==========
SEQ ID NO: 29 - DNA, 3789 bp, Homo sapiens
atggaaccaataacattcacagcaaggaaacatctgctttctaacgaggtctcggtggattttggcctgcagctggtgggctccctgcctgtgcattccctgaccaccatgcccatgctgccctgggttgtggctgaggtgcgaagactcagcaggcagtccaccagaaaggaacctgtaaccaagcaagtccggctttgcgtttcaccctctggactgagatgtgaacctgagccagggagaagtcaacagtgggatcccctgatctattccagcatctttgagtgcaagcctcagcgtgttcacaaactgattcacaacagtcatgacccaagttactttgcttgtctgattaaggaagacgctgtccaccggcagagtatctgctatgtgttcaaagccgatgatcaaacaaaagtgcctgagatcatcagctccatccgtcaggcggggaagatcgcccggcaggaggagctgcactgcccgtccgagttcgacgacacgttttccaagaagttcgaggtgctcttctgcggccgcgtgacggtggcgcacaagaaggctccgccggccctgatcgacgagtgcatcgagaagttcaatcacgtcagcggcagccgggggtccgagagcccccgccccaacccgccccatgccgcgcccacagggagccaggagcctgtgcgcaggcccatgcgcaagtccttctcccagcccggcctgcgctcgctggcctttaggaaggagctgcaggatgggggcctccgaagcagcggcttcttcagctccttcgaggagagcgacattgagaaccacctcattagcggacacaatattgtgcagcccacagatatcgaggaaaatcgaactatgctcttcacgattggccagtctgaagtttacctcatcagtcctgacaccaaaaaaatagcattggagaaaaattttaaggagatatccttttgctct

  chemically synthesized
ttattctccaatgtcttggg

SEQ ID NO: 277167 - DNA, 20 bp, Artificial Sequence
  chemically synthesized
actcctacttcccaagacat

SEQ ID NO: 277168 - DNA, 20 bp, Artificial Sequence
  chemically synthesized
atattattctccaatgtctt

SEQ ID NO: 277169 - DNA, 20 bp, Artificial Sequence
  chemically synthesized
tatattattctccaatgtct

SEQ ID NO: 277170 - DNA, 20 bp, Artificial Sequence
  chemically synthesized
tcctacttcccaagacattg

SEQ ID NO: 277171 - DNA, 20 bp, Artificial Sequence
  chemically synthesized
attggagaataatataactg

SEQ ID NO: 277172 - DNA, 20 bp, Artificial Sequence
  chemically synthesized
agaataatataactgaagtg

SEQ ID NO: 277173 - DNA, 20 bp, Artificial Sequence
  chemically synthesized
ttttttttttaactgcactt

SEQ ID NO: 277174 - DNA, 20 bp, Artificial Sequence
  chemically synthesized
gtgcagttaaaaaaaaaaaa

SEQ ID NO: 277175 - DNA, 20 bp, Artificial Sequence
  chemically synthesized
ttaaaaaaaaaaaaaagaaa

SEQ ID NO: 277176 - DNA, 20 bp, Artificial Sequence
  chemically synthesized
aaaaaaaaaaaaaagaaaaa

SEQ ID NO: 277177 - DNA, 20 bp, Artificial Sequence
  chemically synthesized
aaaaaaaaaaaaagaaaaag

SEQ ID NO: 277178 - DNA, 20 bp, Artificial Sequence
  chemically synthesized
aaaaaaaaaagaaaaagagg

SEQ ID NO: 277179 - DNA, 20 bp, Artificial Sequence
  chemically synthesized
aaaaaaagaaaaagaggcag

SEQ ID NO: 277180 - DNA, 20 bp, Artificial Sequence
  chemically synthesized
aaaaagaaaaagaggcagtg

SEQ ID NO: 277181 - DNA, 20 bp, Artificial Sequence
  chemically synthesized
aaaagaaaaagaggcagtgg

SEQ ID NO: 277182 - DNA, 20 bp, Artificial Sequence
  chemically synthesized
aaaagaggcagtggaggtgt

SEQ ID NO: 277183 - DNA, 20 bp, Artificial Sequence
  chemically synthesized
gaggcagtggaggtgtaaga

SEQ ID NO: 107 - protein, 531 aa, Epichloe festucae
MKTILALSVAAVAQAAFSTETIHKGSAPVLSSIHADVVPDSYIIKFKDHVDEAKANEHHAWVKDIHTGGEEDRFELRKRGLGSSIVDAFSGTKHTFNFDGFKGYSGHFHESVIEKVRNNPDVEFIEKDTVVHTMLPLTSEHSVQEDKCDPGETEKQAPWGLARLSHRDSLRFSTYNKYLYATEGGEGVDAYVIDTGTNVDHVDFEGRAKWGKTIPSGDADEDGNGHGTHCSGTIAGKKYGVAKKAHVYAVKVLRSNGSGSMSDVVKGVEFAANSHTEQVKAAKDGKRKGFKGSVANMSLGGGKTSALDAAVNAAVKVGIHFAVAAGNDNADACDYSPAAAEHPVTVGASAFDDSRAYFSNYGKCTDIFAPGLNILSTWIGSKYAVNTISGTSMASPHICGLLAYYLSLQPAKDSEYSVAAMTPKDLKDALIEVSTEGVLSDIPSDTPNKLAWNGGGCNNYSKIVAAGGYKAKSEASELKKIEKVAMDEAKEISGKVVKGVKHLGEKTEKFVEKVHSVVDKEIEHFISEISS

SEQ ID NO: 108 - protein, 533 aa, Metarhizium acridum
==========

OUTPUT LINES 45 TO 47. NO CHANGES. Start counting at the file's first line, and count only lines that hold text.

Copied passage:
  chemically synthesized
aaaaagaaaaagaggcagtg

SEQ ID NO: 277181 - DNA, 20 bp, Artificial Sequence